The words of Jesus are printed in red, a rarity on Bibles today.

Nineteen detailed charts that provide an overview of important characters, key events, maps, major covenants, and historical context.

Sixteen newly designed full-color maps that are simply put, stunning!


In closing, I really do love this Bible. It’s one of the most complete Bibles I have had the pleasure to use. The many features packed into it from articles to the Bible Timeline itself make this particular Bible a convenient single source for bible study.

Share on facebook
Share on google
Share on twitter
Share on linkedin
Share on pinterest

5 thoughts on “Could This be THE Bible You’ve Been Waiting For?”

  1. I got to see one of these in person the other day. The translation is the RSV-2CE from Ignatius, and while I agree that it has some nice features, overall I think you’d be much better off simply buying an RSV-2CE from Ignatius and (if desired) adding the Great Adventure Timeline thumb tabs.

    (It is worth mentioning that this Great Adventure Bible does not have the Timeline as tabs or cutouts, only printed on the edge of the sheet.)

    The standard Ignatius edition has nicer, cream paper, a sewn binding (this one is glued), and while the cover is bonded leather on the Ignatius, it is still pretty nice, and I think a definite step up from the polyurethane cover used on this one*.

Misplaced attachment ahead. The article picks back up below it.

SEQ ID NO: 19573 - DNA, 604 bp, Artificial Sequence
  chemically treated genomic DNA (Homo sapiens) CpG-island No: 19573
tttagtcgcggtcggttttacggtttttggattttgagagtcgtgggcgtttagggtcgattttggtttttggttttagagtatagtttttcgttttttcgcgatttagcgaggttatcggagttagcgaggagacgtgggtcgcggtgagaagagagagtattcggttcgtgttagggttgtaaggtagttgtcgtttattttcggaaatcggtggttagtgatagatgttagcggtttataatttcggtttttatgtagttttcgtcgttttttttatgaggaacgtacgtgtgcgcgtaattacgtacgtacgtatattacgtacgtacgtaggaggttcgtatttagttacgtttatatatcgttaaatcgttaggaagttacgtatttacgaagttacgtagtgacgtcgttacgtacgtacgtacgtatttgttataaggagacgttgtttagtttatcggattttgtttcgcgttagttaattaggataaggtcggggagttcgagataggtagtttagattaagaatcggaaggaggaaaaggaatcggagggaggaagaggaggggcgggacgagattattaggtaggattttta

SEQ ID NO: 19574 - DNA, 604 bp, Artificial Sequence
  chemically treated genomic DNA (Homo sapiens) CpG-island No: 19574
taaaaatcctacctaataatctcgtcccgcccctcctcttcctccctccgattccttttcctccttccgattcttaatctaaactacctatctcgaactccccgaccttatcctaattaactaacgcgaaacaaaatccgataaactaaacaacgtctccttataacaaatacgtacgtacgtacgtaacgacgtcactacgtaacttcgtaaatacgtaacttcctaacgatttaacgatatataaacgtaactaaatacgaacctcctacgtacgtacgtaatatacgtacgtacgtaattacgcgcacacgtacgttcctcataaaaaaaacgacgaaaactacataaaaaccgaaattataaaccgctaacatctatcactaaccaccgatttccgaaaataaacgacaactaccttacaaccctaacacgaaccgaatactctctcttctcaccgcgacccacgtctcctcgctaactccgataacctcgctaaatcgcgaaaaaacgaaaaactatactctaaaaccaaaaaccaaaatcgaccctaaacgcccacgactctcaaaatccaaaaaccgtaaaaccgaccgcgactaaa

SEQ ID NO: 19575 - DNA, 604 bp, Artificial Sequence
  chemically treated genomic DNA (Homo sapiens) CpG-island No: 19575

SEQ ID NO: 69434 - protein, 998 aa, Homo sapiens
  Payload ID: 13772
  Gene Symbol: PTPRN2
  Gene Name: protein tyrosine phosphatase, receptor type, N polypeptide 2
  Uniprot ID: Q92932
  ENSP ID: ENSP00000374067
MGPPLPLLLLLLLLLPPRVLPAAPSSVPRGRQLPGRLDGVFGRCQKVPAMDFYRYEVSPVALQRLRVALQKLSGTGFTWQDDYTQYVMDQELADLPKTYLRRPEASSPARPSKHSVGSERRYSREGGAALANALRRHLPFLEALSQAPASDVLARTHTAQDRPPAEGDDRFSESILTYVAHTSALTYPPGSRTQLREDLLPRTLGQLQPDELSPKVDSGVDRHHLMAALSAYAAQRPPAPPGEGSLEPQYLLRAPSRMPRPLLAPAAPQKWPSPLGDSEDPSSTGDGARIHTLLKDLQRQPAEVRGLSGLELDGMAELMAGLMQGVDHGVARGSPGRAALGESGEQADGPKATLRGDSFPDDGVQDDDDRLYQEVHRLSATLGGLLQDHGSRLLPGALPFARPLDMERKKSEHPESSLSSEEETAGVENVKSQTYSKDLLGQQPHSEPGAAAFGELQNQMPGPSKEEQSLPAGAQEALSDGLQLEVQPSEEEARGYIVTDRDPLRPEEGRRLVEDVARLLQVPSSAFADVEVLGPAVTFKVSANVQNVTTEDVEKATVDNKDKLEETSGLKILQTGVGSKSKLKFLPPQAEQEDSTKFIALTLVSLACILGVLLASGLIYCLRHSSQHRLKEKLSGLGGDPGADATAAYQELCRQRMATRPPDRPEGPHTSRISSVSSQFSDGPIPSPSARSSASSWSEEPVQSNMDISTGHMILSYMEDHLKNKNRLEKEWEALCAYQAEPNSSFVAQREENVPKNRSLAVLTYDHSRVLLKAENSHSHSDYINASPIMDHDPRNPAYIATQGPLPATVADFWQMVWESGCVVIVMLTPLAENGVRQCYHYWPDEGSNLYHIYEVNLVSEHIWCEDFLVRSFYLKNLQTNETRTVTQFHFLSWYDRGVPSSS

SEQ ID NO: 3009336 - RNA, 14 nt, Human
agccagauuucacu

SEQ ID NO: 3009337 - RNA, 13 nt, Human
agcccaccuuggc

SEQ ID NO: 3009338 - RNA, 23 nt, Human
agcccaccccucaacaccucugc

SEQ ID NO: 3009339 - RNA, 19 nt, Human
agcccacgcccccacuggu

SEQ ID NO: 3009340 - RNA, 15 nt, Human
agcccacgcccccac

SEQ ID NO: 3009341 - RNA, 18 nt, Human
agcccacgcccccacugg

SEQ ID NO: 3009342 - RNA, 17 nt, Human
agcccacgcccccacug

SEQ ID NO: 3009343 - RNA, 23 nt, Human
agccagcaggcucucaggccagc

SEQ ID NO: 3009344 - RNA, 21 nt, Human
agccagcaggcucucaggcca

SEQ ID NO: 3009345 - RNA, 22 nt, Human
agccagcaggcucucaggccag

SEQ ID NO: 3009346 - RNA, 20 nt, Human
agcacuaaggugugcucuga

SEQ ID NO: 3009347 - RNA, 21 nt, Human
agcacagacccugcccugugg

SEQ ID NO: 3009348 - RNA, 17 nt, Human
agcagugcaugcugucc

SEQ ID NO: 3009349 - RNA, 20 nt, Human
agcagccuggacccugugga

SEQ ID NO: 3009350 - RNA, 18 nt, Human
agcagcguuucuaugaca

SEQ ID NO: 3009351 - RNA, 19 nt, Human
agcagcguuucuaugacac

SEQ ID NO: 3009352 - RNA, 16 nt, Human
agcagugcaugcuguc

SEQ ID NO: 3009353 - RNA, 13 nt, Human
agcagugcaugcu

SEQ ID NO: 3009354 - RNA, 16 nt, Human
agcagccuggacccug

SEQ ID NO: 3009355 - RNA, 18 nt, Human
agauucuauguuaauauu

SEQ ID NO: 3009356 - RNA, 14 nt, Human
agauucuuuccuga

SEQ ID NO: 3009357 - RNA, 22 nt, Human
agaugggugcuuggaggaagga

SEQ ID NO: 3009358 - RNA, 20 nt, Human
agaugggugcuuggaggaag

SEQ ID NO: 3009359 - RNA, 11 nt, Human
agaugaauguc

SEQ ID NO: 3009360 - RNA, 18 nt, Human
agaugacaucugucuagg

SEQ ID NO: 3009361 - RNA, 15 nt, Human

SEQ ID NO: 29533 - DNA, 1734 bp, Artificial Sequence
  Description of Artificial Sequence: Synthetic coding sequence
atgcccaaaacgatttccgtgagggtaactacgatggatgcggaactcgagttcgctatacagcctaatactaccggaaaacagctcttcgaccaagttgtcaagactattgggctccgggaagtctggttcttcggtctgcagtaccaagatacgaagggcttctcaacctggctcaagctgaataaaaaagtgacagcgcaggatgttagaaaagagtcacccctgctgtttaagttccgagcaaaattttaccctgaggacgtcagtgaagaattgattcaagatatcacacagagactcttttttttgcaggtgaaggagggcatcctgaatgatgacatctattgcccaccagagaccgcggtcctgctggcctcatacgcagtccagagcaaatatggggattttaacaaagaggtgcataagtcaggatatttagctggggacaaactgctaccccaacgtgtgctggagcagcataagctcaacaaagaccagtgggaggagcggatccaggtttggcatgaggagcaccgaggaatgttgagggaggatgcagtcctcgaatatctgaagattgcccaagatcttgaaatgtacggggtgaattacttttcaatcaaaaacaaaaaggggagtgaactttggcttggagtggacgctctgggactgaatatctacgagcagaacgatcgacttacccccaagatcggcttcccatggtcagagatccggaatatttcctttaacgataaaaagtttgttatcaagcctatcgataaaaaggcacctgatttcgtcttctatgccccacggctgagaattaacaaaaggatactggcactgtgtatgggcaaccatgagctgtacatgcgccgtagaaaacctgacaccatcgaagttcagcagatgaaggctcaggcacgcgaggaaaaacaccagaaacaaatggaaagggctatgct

(EDIT: I was confused by it being referred to as “cowhide” in the review, since the one I saw was definitely synthetic. After a little digging, it seems that they are using a synthetic material which is confusingly named “Alpha Cowhide”. This is sometimes getting the Bible mistakenly listed as being leather-bound.)

    Even though the Ignatius is better made, it is still only about half the price of the Great Adventure version, as well as being available in large-print or as “pocket” NT+Psalms.

    While the RSV-2CE is not my personal preference for translation (I prefer the Confraternity NT), it is probably my number one recommendation for a solid, all around edition currently in print, especially for the price.

    Unfortunately, I think the Great Adventure Bible stumbles on a couple of the things every Bible needs to do well: good paper and a sewn binding.

    EDIT: To combine the two comments below, St. Benedict Press has a Douay-Rheims with the words of Our Lord in red. Unfortunately, it has a glued binding, but is pretty nice other than that. The print size and legibility are better than the the Baronius DR editions, but the Baronius ones undoubtedly have a better binding. The St Benedict is one of the few cases I’d recommend the faux leather over the genuine, as the genuine is pretty stiff.

  2. I appreciate that the words of Jesus are in red, but are they accurately translated or are they modernized diluting their essence and making reading scripture a simplified task?

  3. Pingback: MONDAY MORNING EDITION – Big Pulpit

Leave a Comment

Your email address will not be published. Required fields are marked *

This site uses Akismet to reduce spam. Learn how your comment data is processed.

%d bloggers like this: